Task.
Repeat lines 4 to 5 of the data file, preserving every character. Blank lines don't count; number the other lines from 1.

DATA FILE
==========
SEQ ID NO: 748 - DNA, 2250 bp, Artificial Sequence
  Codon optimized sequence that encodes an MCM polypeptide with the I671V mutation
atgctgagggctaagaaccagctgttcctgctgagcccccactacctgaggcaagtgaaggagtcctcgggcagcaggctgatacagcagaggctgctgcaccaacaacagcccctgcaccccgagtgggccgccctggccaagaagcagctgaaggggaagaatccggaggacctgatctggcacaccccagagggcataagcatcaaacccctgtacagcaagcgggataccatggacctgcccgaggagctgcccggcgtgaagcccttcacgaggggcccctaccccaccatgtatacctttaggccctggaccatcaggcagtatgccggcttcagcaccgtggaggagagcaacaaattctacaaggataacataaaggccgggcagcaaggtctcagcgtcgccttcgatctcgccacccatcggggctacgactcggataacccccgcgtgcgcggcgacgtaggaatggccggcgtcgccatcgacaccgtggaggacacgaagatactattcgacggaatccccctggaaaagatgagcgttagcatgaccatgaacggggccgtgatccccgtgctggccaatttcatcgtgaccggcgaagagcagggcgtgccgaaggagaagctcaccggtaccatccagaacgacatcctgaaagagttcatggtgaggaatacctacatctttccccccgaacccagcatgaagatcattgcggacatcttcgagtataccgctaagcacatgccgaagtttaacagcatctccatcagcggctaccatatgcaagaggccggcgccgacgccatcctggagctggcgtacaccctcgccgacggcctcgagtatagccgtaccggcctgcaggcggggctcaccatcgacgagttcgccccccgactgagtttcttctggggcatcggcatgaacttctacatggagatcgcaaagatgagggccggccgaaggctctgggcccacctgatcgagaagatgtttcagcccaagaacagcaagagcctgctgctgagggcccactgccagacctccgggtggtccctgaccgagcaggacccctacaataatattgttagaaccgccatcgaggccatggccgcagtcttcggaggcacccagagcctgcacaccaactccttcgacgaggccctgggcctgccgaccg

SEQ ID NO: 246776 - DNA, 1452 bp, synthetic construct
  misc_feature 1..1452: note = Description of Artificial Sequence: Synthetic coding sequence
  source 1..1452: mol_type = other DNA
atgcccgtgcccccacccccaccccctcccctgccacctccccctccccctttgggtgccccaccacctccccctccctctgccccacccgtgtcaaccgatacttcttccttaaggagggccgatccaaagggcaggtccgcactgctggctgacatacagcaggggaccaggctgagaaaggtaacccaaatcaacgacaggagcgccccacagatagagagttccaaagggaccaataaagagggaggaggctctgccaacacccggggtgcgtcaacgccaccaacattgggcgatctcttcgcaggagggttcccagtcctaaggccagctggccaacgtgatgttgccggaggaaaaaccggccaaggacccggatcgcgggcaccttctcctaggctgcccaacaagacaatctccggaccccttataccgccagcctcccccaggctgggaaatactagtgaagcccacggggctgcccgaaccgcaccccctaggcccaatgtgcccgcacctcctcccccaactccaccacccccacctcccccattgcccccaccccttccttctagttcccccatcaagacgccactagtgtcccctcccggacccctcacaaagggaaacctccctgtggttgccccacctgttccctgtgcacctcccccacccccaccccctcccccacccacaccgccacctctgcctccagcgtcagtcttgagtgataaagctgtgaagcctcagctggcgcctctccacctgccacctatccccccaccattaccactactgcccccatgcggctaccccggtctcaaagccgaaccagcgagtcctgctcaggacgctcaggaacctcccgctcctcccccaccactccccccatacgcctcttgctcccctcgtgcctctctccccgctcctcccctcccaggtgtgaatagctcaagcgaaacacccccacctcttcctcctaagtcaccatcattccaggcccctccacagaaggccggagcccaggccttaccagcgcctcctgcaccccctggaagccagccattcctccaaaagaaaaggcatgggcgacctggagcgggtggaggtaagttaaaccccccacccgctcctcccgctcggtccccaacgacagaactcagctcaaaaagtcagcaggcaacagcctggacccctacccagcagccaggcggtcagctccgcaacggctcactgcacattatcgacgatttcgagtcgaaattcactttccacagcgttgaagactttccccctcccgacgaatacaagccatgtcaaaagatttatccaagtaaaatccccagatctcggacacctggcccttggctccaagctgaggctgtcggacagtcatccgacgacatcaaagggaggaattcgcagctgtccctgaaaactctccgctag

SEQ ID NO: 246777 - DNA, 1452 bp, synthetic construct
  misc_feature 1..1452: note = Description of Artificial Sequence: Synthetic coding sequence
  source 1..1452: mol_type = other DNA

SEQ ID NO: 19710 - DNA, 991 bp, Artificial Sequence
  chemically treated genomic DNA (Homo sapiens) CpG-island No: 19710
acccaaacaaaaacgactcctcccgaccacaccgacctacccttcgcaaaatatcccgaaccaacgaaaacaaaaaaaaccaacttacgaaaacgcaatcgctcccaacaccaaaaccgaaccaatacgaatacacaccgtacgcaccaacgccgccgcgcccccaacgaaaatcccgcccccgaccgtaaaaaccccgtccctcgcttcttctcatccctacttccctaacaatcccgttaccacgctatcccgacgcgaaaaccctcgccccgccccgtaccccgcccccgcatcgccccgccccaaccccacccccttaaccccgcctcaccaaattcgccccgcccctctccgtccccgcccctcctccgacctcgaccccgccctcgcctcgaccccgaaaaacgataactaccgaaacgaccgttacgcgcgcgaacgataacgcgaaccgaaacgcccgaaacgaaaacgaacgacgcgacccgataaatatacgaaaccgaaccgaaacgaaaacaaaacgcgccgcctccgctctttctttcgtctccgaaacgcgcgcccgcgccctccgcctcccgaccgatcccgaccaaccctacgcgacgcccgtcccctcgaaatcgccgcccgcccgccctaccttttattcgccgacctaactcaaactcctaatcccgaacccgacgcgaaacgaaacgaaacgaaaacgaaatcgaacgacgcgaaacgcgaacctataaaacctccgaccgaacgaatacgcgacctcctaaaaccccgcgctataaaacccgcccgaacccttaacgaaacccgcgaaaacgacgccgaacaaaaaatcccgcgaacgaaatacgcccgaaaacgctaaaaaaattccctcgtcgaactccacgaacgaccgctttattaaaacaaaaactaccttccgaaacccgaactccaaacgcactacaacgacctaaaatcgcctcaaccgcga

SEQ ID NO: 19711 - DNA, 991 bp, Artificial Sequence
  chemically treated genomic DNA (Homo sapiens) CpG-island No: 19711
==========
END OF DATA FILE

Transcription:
SEQ ID NO: 246776 - DNA, 1452 bp, synthetic construct
  misc_feature 1..1452: note = Description of Artificial Sequence: Synthetic coding sequence